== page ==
The fact that there are more holds available on waivers only means that the replacement level will be higher. That makes players who score significantly higher than the replacement level even more valuable, which is kind of counterintuitive.

But think of it this way: 4 holds are free to get on waivers. That's about the replacement level, give or take a bit (this is an average; there are some people with more, and some with less, but the average replacement player has 4). So take away 4 holds from every single pitcher's total holds, even SP's - everybody. Now add up the remaining adjusted holds (adjusted = total minus replacement). That's how many adjusted holds are available to be had. If a guy like Otsuka has 25 Adj HLD then he has a very big portion of the extra holds. There are tons of adjusted saves out there, so no one closer has a big advantage over many others based on his saves alone.

So by more holds being available on waivers, that INCREASES the value of holds above replacement. In short the way it does it, is it erases the value of the holds that marginal RP's get because they're easily replaced. For an extreme example, imagine that 150 pitchers get 50 saves each. And the 151st closer gets 60 saves. Intuitively we'd think that the 60 save closer doens't have much value because there are 150 pitchers who can get you 50 saves. But that intuition would be wrong. The extra 10 saves the 151st pitcher gets you wins you the category, and nobody can catch you. It's the same idea with holds, but less extreme. Otsuka could easily earn a lot more than Gagne, Lidge, or any closer in 2005.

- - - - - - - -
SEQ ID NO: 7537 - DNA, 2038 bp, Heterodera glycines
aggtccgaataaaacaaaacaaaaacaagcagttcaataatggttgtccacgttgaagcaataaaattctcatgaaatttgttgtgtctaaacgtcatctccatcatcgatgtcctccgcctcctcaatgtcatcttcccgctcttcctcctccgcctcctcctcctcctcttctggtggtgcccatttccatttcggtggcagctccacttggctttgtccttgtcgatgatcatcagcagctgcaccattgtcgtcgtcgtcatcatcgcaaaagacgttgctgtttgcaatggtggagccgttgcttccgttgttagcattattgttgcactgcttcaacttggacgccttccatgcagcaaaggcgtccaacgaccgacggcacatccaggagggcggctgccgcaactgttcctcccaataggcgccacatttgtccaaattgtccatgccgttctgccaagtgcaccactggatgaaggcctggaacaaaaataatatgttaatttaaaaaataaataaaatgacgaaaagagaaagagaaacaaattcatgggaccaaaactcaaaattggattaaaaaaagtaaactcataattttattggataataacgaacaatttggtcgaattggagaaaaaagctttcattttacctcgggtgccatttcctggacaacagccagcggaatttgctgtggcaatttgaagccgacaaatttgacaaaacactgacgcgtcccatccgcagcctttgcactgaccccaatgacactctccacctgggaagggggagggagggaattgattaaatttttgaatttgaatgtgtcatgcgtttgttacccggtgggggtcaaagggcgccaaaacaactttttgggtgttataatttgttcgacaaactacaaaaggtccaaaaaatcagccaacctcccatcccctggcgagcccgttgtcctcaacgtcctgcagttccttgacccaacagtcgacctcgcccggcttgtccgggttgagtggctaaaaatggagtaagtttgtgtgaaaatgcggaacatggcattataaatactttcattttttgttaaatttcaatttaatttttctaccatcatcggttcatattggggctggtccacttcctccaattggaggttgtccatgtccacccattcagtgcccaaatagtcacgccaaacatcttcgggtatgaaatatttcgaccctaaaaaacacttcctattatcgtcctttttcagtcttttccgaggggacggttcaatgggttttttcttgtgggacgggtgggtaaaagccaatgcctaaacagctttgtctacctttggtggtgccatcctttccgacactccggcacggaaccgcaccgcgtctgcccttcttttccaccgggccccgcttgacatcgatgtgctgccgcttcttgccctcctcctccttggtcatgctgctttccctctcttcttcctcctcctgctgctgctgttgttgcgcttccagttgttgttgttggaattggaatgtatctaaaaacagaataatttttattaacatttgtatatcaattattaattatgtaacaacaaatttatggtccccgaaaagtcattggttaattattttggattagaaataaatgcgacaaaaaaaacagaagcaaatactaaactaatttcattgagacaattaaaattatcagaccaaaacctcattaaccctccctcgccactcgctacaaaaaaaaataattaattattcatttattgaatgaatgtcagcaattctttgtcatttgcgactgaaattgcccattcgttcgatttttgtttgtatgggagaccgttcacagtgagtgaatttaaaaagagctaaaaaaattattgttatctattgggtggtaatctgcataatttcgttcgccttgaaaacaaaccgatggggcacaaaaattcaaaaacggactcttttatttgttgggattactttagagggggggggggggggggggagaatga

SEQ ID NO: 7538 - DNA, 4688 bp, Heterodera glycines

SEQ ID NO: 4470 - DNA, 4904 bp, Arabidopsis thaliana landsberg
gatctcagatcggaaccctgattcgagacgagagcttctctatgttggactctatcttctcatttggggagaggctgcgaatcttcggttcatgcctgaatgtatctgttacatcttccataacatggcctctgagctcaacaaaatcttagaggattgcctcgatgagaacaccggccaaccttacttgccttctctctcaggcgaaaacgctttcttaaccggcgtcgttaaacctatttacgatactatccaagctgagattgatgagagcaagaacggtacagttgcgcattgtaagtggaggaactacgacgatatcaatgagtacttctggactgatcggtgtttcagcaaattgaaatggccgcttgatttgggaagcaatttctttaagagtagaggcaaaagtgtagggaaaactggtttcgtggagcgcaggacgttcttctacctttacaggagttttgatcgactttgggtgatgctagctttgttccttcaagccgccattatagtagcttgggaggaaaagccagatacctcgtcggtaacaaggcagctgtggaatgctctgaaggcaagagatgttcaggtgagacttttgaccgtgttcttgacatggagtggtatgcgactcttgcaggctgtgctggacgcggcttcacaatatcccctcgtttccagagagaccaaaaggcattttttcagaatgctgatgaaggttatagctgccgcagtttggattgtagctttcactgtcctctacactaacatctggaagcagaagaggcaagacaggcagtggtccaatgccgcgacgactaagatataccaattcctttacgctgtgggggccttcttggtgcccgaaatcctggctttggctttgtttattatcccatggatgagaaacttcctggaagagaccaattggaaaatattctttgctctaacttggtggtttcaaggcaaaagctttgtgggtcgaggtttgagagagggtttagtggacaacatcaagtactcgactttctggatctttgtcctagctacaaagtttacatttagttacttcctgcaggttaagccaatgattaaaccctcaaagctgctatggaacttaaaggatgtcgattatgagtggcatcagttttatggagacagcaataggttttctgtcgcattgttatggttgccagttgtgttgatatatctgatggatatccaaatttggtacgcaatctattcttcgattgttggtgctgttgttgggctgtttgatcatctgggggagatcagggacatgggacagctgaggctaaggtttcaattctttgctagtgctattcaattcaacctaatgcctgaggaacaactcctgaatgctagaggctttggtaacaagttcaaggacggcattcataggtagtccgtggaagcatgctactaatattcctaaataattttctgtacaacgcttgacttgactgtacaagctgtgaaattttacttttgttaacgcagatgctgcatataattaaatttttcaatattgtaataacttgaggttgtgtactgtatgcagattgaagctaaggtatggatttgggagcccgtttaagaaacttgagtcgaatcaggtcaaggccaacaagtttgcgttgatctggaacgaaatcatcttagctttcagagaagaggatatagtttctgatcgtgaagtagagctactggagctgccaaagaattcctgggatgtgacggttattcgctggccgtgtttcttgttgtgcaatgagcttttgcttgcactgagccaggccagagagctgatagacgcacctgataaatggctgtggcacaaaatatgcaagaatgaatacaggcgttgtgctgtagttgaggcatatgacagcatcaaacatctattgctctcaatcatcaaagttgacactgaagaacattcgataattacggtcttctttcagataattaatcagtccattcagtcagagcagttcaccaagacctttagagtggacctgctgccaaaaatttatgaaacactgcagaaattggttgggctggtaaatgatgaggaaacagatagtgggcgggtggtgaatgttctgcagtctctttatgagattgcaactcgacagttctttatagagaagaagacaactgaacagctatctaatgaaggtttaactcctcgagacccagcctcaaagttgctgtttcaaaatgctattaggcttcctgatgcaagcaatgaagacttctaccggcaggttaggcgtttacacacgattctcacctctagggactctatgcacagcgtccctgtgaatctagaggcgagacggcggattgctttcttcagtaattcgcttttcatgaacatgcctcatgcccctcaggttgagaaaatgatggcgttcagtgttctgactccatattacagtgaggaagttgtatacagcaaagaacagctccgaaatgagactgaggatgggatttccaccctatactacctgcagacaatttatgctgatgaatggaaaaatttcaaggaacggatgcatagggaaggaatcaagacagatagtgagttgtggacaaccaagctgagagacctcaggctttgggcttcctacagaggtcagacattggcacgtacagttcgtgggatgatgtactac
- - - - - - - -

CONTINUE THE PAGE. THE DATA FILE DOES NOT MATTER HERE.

I don't think there's quite the drop off in holds you think there is. If anything, after running the top 30 holders and closers through excel and using 30th rank as replacement, closers have a higher drop off outside of the first two holders. If you want I can give you the excel file.
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Postby LBJackal » Mon Apr 04, 2005 2:20 pm

You can't just run the top 30 and say the 31st in SV is the SV replacement, and the 31st in HLD is the HLD replacement level. It doens't work like that. You rank the top X pitchers (X = number opf pitchers per team * number of teams) by overall value and the 15 best pitchers NOT in the top X amount, are the replacement players. SV are almost non-existent in the replacement pool. Holds are definately available in there though. The reason more holds guys aren't in the positive player pool is because generally they aren't good pitchers and have a bad WHIP/ERA/K's. So to get holds from waivers you have to sacrifice other stats and it just isn't worth it, and you'll end up with negative value from that holds guy. Which makes guys like Otsuka invaluable in leagues that count holds.
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Postby KolbSaves » Mon Apr 04, 2005 2:30 pm

Which do you think are more consistant year to year in ratios and k's, holders or closers?